Our struggle with illegal immigration will be nothing compared to in 10 years time
The draw for people to come to the UK will only become greater as climate change starts to cause extreme weather, writes Paul Ormerod.
Across the political spectrum, the number of small boats crossing the Channel has occupied a huge slice of our collective consciousness. At one level, of course, these are stories replete with human suffering and tragedy.
On another level, for those in the UK, it is a question of control over our borders.
In trying to grapple with the issue, we must first understand why passengers are willing to make such a potentially dangerous journey, even with the risk it could be years before they can settle here – if at all.
If we were willing to overlay the Brexit debate with the immigration issue, one could cheekily ask why people are leaving countries like France, which are part of the purported paradise of the European Union to move to “Broken Britain”?
On this view of the UK, all we would need to do to stop the crossing is to send delegations to explain to refugees the true state of things in Britain. Of course, this doesn’t happen, and the two issues are separate ones. But it remains true that despite our problems, the UK is a liberal democracy.
In the US, we can see the same state of affairs on a much bigger scale. Despite its well-documented social, cultural and political challenges, large numbers of people around the world move to America legally and illegally.
The same cannot be said for Russia or China.
It is unlikely the assumptions about rational choice, made in the basic economic textbooks, apply in these situations. In particular, there is considerable uncertainty about the potential costs involved in any such journey.
But it is even more unlikely that large numbers of people are consistently making irrational choices year after year. The plain fact is that the liberal democracies, and in particular the US and the UK, are highly desirable places in which to live and work.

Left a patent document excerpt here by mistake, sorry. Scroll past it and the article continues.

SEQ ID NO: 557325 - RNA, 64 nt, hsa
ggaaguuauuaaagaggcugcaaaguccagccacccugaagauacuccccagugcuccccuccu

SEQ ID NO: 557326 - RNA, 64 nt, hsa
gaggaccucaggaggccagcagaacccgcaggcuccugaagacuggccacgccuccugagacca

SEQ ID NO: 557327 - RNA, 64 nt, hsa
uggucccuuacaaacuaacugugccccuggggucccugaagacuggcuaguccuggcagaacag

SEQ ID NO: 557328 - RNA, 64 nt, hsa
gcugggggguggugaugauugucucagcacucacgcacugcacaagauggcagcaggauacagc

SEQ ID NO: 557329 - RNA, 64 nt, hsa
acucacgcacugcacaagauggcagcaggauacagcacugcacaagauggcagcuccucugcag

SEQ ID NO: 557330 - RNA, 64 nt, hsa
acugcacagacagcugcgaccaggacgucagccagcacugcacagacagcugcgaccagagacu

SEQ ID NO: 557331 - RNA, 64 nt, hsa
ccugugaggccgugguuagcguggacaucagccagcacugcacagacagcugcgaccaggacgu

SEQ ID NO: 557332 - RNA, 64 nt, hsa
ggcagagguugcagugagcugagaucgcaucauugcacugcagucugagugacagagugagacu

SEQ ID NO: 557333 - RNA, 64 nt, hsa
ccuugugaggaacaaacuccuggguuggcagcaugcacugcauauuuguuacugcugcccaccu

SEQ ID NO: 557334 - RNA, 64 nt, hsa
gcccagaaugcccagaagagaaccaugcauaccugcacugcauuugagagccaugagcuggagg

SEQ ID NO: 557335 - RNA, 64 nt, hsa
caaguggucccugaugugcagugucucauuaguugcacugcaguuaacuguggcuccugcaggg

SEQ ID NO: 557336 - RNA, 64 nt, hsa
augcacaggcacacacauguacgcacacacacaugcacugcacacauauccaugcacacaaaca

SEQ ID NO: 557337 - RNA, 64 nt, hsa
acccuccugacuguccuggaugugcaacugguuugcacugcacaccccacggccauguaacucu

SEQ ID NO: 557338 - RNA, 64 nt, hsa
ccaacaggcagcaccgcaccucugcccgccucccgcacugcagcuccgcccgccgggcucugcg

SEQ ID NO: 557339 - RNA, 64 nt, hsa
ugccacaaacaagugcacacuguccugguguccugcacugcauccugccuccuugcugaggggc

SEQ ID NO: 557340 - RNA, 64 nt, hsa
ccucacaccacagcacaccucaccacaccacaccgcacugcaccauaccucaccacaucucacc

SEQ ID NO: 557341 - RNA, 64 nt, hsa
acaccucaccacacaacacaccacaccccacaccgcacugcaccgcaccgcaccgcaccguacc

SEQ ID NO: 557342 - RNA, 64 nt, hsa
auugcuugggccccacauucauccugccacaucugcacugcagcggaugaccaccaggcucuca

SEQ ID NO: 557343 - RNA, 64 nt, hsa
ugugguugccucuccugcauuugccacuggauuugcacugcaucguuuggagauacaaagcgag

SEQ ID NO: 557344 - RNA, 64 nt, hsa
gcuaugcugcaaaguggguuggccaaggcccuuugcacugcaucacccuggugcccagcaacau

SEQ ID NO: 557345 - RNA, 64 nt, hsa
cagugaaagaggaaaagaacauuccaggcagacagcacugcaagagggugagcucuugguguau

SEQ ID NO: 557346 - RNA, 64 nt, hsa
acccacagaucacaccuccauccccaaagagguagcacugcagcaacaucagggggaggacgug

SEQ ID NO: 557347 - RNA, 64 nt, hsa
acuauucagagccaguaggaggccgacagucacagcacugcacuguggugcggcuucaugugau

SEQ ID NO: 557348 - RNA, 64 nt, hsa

The focus of the government on the immediate problem is understandable. The short-term pressures of the electoral cycle are strong everywhere. But the huge attractiveness of the West raises serious issues when we look ahead to, say, the middle of the century.
We do not have to go along with the worst of the climate predictions to appreciate that major ecological changes are taking place. From extreme floods to extreme heat, increasing numbers of people have increasingly strong incentives to move from their current locations.
It is fair to say that policies are in place to address the challenge of climate change. Some say they do not go far enough, but they do exist.
But much greater vision and foresight is needed by the democracies. The German Chancellor Olaf Scholz was the first leading politician to raise the question of a Marshall Plan for Ukraine, an American initiative instrumental in rebuilding Western Europe after the Second World War. He’s not wrong. We do need one.
But we also need one to assist those areas which are projected to suffer most from climate change. It is in our own self-interest to do this.
Otherwise, America, Britain and, yes, the European Union could become the destinations of choice for tens, if not hundreds, of millions of people. The current numbers will seem a mere trickle in comparison with the potential torrent in two or three decades time.
£ Paul Ormerod is an author and economist at Volterra Partners LLP